The International Day of Mourning is observed annually on November 4th, the fourth Thursday. Reflecting on Native American history and the significance of Thanksgiving in their ancestors’ lives is encouraged at this celebration. Thanksgiving Day serves as a constant reminder of Native American devastation and suffering, according to the event’s organizers. Native American ancestors and their current battles for survival have been recognized by participants in this National Day of Mourning since 1970. To inform Americans about the origins of Thanksgiving is one of the goals of the celebration.
The march, which was planned by United American Indians of New England (UAINE) throughout a time of Native American activism, has led to changes in how American history, the government’s relationship with Native Americans, and the relationships between settlers and them, as well as a renewed appreciation for their culture.
History Of National Day of Mourning
Consider giving American history as well as the several distinct Native American civilizations present throughout the country another look. Examine the connections, conventions, traditions, and beliefs. Are you trying to figure out where to start? FirstNations.org is a great resource. They provide an extensive reading selection for people of all ages. The subjects are diverse, and they also offer staff recommendations.
You can find streaming alternatives for movies like Our Spirits Don’t Communicate English, Dreamkeeper, Atanarjuat: That Quick Runner, Imprint, or Perhaps the Cherokee Word for Water.
Use the hashtag #NationalDayOfMourning when posting on social media.
HISTORY OF THE NATIONAL DAY OF MOURNING
The United American Indians of England have held an annual march as well as a rally mostly on the fourth Thursday of November which falls on Thanksgiving Day, since 1970. They educate the American public while paying respect to Native ancestors. Although the protest shares a date with Unthanksgiving Day across the West Coast, there is no connection between the two events.
On April 28, Canada observes the National Day of Mourning, also known as Workers’ Mourning Day. It honors employees who have died at work, been hurt there, or become ill from occupational exposures and dangers.
A funeral parade for a firefighter who had died in the line of duty halted two labor activists, Colin Lambert as well as Ray Sentes, while they were driving to a union meeting in early April 1983. This is how Workers’ Memorial Day got its start.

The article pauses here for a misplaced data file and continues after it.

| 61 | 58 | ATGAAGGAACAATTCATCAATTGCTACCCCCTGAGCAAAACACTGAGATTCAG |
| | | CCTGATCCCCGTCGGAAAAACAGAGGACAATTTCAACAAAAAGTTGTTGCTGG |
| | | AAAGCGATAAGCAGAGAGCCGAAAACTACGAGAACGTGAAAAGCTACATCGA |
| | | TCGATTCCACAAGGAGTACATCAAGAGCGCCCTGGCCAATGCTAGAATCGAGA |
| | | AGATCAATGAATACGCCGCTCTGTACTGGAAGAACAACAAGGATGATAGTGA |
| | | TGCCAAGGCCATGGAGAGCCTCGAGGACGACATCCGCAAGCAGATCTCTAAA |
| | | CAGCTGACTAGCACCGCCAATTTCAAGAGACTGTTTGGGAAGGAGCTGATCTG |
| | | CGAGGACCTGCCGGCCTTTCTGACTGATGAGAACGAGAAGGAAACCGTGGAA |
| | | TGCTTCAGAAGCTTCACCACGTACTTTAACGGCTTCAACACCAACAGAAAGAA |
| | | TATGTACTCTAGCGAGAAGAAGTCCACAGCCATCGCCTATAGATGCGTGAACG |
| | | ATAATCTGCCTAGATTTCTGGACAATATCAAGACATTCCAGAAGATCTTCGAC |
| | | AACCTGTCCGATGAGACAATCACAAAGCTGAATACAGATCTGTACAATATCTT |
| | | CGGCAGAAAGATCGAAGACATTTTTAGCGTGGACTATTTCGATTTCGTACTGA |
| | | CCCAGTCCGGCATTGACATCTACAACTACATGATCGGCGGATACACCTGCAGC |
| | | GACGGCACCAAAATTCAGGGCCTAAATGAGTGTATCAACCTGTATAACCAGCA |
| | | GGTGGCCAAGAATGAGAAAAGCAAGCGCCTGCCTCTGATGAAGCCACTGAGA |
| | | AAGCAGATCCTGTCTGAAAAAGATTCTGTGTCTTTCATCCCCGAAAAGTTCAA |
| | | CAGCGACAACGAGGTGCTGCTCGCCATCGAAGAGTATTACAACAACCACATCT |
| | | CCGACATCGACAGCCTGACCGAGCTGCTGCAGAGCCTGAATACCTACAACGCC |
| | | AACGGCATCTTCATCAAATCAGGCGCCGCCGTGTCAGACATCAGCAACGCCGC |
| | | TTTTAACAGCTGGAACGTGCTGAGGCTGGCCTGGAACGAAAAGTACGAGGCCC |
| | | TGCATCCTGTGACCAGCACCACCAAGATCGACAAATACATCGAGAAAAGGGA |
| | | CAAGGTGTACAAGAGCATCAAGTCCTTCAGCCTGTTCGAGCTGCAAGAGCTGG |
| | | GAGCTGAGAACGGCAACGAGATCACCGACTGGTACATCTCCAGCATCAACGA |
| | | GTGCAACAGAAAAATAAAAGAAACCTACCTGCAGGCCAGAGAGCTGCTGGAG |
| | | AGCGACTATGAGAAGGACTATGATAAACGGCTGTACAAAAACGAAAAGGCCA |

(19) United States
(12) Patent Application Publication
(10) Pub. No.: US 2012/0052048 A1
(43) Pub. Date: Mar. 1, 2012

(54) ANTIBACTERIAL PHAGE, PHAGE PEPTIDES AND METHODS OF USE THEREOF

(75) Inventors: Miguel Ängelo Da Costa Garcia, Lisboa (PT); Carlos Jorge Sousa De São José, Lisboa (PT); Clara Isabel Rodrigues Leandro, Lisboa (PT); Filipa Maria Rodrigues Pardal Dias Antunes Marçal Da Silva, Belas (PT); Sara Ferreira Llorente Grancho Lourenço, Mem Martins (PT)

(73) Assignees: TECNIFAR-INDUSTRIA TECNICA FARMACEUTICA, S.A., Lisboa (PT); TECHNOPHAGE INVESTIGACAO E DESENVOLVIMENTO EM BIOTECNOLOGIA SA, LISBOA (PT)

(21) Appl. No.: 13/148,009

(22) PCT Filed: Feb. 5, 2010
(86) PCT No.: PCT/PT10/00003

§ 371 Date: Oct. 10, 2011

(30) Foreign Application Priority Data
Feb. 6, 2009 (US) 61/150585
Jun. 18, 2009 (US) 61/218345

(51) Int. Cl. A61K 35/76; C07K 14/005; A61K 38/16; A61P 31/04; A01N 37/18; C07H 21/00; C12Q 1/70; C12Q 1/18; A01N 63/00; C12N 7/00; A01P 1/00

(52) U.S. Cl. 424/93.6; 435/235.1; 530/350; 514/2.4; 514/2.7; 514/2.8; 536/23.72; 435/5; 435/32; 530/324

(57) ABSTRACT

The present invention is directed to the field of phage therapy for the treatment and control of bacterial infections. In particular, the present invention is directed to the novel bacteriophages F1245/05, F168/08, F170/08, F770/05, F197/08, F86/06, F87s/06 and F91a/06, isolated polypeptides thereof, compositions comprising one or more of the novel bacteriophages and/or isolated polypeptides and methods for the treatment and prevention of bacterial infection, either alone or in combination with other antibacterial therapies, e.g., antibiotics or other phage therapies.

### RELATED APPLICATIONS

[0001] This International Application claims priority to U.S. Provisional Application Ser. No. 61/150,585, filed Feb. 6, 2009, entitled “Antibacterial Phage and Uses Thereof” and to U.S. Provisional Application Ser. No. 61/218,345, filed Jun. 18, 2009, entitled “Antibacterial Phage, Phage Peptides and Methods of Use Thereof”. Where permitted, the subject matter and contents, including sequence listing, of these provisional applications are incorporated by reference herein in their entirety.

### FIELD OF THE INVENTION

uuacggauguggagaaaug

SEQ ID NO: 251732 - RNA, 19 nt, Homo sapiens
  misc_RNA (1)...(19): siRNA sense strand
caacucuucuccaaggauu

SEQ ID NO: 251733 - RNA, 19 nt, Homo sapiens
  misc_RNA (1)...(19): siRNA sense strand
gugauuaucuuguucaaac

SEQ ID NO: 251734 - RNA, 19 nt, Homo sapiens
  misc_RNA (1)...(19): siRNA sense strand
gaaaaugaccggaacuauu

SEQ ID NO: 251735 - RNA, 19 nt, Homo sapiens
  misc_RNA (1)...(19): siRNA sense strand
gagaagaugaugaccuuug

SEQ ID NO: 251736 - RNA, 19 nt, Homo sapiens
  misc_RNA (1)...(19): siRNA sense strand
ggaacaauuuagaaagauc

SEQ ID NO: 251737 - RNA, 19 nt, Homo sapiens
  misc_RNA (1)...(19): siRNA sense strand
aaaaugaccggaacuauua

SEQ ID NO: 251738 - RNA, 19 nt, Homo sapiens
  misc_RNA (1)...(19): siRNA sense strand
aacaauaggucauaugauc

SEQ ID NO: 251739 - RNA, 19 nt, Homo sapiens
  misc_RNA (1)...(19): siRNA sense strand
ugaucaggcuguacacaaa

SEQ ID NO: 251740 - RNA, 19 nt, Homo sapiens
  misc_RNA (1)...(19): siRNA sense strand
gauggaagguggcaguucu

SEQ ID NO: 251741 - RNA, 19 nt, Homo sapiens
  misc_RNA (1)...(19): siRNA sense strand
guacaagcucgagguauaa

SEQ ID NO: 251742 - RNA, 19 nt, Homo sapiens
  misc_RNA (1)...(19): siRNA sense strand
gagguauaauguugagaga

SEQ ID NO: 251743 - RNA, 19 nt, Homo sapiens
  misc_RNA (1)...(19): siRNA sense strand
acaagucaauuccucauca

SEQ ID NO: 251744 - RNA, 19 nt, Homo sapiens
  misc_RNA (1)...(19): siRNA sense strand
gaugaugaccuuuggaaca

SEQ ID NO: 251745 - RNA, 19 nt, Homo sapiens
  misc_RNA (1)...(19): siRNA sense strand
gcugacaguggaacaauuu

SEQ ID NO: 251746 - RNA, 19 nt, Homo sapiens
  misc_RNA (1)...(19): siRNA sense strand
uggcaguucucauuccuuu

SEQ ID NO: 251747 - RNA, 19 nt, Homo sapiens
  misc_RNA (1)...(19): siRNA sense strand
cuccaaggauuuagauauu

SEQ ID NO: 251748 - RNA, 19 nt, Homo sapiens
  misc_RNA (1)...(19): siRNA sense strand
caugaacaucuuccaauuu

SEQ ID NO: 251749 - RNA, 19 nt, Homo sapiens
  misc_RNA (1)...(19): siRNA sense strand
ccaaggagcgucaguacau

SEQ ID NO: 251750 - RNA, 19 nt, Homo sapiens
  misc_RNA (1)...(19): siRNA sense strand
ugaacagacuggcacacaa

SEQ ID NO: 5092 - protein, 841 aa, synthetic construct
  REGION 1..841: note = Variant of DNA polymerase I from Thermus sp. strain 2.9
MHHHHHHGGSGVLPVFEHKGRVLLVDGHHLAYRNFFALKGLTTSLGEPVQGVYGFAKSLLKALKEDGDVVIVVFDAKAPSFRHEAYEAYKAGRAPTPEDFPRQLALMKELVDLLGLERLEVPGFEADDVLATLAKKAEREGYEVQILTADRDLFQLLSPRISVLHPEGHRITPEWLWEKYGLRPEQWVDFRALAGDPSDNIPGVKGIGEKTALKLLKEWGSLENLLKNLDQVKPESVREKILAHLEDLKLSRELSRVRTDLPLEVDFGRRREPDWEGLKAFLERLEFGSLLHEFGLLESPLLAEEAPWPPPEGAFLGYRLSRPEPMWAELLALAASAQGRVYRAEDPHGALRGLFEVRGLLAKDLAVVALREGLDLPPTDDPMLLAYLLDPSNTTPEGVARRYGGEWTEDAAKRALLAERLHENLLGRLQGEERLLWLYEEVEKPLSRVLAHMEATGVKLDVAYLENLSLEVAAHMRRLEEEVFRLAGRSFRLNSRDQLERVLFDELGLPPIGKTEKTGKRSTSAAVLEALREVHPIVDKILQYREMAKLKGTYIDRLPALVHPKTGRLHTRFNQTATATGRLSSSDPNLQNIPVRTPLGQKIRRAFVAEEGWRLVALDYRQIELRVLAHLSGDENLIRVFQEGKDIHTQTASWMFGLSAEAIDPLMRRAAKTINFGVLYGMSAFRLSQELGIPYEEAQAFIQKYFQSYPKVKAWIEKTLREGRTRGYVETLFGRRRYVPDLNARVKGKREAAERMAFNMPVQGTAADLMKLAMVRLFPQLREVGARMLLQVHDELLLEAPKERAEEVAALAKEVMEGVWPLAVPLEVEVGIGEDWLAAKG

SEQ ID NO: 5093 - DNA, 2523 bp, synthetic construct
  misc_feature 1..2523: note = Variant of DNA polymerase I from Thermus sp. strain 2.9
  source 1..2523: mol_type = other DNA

They were concerned that other workers who passed away at work did not receive the same honors, and they remembered how the United Construction workers in Elliot Lake conducted an annual “Workers’ Remembrance Day” in memory of uranium miners who had passed away from exposure.
Both the Canadian Union of Public Employees (CUPE) as well as the Canadian Labor Congress both adopted resolutions calling for the holding of a National Day of Mourning at their respective annual conventions in 1983 and 1984, respectively. Lambert and Sentes sought support from union leaders for the initiative. The “workers’ Memorial Day” however is honored in more than 100 nations, according to a 1989 proclamation by the AFL-CIO.
With the passage of the Employees Mourning Day Act in Canada in December 1990, it was made a national holiday, and as a result, on April 28, 1991, that one was formally recognized as the International Day of Mourning for people who had died or been injured at work, designating that day as Workers’ Mourning Day.
All federal buildings, including Parliament Hill, fly the Canadian flag at half-mast from dawn to dusk. The day is observed in a variety of ways by workers and employees, including lighting candles, sporting ribbons as well as black armbands, and holding a moment of quiet at 1100 hours. The Day of Mourning has two purposes: to honor and commemorate those who have died or been injured, as well as to reaffirm the commitment to enhancing workplace safety and wellness in order to stop future work-related illnesses, injuries, and fatalities.